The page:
I’ve been reading up on how to actually create physical QR Codes, complete with error correction. It’s been very enlightening, and has grown a deeper fascination on the symbology of barcodes in general for me. While I’m not in 100% agreement with how they are currently being used (marketing, mailing lists, coupons, etc.), I do believe there does exist a market for mobile barcodes. Heck, I’m using them on this site for each and every post!
Regardless, I started reading up on High Capacity Color Barcodes that was developed by Gavin Jancke at Microsoft. It’s important to separate HCCB codes from Microsoft Tag, which is a specific implementation of HCCB. There are some misconceptions about HCCB, and probably some things that you haven’t thought about. Further, there are technical advantages that usually aren’t mentioned. So, I’ll discuss that here.
Here are some advantages that I think HCCB Has over QR Codes, and I personally think they hold quite a bit of weight:
- Unlike Microsoft Tag, HCCB can store a lot of data offline. QR codes can do this as well.
- HCCB codes can be digitally signed with either Elliptic Curve Cryptography (ECC) or RSA, and the reader should verify the signature (while this is technically possible with any code, current readers in the “app store” markets don’t verify them).
- The HCCB specification was designed to take advantage of poor cellphone autofocus lenses.
- HCCB was also designed to take advantage of varying light conditions.
- Due to the triangle shapes of the HCCB symbols, a black-and-white HCCB code can fit the same amount of data in a smaller space.
- Due to the 4 and 8 color palette options, higher compression can be achieved with the same data in the physical HCCB code.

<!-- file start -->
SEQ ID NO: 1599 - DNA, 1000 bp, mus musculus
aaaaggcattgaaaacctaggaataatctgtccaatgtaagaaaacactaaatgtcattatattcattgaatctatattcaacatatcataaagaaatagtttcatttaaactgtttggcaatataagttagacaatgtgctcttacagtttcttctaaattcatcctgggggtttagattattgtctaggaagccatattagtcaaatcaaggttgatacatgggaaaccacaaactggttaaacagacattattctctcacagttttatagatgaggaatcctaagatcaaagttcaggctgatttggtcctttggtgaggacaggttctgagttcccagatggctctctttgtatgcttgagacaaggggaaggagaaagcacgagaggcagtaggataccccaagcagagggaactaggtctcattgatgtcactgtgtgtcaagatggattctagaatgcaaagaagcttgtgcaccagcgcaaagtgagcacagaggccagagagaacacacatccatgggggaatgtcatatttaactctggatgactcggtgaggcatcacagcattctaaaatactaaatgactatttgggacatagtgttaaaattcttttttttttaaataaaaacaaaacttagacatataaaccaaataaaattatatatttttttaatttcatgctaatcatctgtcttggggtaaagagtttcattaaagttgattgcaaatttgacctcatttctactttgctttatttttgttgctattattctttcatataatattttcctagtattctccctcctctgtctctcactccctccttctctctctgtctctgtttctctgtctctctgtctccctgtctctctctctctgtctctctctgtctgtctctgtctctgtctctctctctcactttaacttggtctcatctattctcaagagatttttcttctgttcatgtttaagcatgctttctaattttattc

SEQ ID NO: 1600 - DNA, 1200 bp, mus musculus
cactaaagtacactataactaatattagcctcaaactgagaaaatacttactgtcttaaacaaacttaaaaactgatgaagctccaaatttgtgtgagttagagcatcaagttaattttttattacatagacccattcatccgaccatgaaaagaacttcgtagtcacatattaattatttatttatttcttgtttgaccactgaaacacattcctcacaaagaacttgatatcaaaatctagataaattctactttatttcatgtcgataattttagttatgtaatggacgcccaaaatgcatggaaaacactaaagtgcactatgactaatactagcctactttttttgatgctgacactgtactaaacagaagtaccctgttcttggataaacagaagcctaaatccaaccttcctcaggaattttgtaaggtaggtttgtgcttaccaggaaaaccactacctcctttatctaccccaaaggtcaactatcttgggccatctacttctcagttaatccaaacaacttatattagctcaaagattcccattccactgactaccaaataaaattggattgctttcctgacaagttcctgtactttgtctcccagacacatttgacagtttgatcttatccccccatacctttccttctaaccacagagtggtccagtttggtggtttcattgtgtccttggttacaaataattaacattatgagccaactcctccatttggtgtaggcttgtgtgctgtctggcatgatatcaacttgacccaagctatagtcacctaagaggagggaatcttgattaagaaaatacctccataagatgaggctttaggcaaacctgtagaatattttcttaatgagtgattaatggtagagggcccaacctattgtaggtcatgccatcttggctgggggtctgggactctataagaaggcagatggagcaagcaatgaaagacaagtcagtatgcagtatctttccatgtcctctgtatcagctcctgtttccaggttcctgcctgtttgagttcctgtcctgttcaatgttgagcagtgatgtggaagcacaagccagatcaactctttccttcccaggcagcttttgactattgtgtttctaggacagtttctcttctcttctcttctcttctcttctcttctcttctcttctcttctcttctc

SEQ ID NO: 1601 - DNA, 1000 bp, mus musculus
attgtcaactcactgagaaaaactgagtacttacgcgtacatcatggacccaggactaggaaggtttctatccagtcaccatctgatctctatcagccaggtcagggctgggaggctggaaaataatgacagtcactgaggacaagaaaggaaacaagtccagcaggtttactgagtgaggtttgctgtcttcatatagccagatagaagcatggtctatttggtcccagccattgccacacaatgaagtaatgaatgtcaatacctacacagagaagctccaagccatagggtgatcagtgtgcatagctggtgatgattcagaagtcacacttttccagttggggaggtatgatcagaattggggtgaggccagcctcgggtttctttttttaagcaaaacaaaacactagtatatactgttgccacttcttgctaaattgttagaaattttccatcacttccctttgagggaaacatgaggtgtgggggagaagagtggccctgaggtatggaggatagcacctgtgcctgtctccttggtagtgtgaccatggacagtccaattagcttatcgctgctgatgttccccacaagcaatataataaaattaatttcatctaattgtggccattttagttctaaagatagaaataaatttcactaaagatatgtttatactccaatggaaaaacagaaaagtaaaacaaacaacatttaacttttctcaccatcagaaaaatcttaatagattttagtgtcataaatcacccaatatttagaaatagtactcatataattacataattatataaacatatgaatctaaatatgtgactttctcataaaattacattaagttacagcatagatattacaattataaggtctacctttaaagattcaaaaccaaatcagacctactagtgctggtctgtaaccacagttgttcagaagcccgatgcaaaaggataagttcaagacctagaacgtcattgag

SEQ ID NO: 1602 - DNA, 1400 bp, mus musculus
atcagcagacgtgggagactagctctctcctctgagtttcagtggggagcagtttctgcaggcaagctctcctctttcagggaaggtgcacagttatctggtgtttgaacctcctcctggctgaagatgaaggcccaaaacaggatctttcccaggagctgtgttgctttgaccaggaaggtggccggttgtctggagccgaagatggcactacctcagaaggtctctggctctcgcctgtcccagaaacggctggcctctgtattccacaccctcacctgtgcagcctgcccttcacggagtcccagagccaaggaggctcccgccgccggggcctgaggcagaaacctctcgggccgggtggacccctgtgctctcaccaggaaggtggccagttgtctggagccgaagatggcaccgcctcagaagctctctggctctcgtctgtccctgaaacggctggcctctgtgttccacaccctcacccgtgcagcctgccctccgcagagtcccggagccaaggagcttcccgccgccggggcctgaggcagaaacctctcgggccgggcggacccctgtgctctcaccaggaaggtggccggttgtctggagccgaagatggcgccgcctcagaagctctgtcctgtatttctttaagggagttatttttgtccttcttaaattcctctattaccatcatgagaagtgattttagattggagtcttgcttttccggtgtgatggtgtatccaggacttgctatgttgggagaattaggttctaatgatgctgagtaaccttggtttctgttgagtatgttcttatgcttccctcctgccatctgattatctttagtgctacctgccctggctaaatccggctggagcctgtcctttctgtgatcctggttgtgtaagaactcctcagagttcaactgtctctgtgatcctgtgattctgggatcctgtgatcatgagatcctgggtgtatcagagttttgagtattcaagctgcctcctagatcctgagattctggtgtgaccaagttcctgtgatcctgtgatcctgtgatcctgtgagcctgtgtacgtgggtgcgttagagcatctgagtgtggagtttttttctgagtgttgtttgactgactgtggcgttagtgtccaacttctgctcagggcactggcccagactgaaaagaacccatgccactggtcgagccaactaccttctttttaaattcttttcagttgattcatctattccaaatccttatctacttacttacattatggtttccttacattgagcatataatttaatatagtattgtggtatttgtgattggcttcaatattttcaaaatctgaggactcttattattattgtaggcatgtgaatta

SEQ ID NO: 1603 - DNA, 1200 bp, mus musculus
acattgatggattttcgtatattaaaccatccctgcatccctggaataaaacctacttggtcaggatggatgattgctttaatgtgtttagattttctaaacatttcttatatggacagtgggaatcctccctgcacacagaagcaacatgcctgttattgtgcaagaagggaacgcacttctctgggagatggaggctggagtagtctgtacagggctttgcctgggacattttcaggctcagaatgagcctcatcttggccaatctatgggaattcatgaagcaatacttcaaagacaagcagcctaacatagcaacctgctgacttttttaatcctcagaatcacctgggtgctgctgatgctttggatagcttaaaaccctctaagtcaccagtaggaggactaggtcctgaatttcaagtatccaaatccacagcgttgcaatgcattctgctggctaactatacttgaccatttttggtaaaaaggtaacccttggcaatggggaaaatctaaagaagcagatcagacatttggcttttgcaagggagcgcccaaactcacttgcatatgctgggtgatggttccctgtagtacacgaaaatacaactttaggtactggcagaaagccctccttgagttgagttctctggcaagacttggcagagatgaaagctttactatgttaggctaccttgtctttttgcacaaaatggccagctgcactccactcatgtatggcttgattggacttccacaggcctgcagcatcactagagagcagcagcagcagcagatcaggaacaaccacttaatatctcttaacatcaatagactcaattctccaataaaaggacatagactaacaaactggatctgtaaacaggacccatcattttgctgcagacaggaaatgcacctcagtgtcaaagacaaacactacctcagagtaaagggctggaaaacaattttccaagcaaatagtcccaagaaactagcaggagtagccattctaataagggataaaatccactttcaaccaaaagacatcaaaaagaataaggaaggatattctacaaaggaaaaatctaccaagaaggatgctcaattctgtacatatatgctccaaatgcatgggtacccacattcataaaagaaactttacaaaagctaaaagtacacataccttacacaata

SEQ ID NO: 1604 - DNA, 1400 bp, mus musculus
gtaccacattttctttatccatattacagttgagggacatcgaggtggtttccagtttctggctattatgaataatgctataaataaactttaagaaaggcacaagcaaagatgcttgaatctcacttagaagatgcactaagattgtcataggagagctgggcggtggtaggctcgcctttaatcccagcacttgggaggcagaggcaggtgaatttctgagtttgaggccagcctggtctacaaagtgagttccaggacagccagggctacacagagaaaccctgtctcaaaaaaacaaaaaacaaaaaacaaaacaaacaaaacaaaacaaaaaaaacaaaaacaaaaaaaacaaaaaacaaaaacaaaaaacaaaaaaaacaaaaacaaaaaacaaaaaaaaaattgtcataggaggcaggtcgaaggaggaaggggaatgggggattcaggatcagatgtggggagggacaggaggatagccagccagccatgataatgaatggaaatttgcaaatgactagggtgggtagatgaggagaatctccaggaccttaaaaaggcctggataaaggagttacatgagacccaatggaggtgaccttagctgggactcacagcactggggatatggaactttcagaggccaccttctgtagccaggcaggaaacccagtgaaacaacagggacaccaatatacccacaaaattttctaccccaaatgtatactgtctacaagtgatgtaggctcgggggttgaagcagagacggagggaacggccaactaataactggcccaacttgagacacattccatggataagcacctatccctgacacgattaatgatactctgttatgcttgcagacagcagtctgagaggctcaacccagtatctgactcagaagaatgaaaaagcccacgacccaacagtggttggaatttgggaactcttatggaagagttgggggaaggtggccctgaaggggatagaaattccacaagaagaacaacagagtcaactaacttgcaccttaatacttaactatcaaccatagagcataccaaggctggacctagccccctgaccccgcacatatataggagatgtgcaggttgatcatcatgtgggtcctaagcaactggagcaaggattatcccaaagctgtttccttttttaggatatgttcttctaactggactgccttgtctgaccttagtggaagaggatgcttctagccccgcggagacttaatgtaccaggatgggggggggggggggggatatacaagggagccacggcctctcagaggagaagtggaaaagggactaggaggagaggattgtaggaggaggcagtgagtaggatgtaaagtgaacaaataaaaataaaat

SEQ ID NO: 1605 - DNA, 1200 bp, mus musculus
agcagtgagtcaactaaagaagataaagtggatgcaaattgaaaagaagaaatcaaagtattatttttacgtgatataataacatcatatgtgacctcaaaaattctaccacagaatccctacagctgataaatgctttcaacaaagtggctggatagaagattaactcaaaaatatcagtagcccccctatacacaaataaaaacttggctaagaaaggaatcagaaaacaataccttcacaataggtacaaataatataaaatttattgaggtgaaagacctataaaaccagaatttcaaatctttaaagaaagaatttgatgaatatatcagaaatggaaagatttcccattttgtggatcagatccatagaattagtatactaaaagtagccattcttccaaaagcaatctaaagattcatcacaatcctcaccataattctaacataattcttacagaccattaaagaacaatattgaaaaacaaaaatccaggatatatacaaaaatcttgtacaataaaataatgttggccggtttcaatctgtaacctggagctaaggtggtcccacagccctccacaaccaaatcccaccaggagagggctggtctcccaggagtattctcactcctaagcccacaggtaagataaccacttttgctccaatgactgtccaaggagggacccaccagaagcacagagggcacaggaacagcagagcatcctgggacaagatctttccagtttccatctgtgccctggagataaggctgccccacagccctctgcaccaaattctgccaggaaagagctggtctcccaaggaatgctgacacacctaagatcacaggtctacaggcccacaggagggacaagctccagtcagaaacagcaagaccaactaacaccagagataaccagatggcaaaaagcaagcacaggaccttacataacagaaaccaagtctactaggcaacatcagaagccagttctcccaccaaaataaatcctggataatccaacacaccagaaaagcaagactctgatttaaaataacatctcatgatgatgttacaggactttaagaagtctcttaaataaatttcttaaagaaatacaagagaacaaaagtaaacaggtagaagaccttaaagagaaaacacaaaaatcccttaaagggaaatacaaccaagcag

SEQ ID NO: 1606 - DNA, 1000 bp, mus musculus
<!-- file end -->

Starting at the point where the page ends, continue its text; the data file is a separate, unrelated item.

- HCCB codes can store multiple payloads, such as a URL, text and a vcard in a single code.
Now, don’t get me wrong. I’m not advocating HCCB codes by any stretch of the imagination. Here are a few major disadvantages:
- The license to print HCCB codes, or develop readers to decode the codes, is 100% proprietary, and requires a Microsoft account.
- Microsoft Tag, by far the most common HCCB implementation, requires a data connection to access the data in the code. Think of Microsoft Tags as a short URL redirector.
- There are currently no HCCB decoding apps in any “app store” for the common mobile devices outside of the Microsoft Tag implementation.
- HCCB code generation requires Microsoft libraries and software to create the codes. There are no 3rd party libraries, open source or otherwise.
- Large-scale printing is an issue, due to offsetting the colors, so they align perfectly. This is also expensive, compared to black-and-white printing (Microsoft has also released a black-and-white version of the HCCB spec).
- Due to 3rd party reliance on Microsoft software, most barcode decoding apps do not have the ability to decode HCCB codes, thus requiring multiple decoding apps to be installed on the device. This requires users to know the difference between barcodes, and which app to use for which code.
To me, a few of those disadvantages are heavy hitters. Now, Gavin has stated that they were not designed to replace, or even compete with QR code or other symbologies. Instead, it’s trying to fill a niche market. I don’t know if it’s succeeding in that niche, or not. However, I do believe that it won’t reach the general population on large scale terms, due to some of the disadvantages listed above. With that said, I am willing to give credit where credit is due, and recognize the technically superior specifications in the code. It was well researched, and well executed, and I’m bothered that there does not exist an “open source” specification that meets or exceeds these specs.
I have the Microsoft Tag reader installed on my phone to handle decoding them anyway.